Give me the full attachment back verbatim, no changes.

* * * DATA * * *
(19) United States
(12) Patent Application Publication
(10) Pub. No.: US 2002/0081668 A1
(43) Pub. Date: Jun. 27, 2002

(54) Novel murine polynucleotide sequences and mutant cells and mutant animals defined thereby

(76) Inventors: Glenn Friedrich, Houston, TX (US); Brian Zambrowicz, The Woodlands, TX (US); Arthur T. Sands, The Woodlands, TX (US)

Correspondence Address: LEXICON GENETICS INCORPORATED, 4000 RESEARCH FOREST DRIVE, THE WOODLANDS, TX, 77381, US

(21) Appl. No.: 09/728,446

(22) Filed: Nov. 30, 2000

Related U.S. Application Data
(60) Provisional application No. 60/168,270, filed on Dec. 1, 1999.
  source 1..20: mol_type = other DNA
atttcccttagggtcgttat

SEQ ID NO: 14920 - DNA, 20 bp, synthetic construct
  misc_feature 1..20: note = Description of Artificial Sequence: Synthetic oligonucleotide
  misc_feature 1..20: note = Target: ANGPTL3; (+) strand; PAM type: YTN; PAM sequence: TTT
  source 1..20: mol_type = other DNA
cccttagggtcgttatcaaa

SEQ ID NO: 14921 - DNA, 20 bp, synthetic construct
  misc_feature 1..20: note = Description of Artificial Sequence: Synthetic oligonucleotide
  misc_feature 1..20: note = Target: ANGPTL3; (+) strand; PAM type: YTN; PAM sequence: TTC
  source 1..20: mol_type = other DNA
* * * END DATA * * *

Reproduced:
(19) United States
(12) Patent Application Publication
(10) Pub. No.: US 2002/0081668 A1
(43) Pub. Date: Jun. 27, 2002

(54) Novel murine polynucleotide sequences and mutant cells and mutant animals defined thereby

(76) Inventors: Glenn Friedrich, Houston, TX (US); Brian Zambrowicz, The Woodlands, TX (US); Arthur T. Sands, The Woodlands, TX (US)

Correspondence Address: LEXICON GENETICS INCORPORATED, 4000 RESEARCH FOREST DRIVE, THE WOODLANDS, TX, 77381, US

(21) Appl. No.: 09/728,446

(22) Filed: Nov. 30, 2000

Related U.S. Application Data
(60) Provisional application No. 60/168,270, filed on Dec. 1, 1999.
  source 1..20: mol_type = other DNA
atttcccttagggtcgttat

SEQ ID NO: 14920 - DNA, 20 bp, synthetic construct
  misc_feature 1..20: note = Description of Artificial Sequence: Synthetic oligonucleotide
  misc_feature 1..20: note = Target: ANGPTL3; (+) strand; PAM type: YTN; PAM sequence: TTT
  source 1..20: mol_type = other DNA
cccttagggtcgttatcaaa

SEQ ID NO: 14921 - DNA, 20 bp, synthetic construct
  misc_feature 1..20: note = Description of Artificial Sequence: Synthetic oligonucleotide
  misc_feature 1..20: note = Target: ANGPTL3; (+) strand; PAM type: YTN; PAM sequence: TTC
  source 1..20: mol_type = other DNA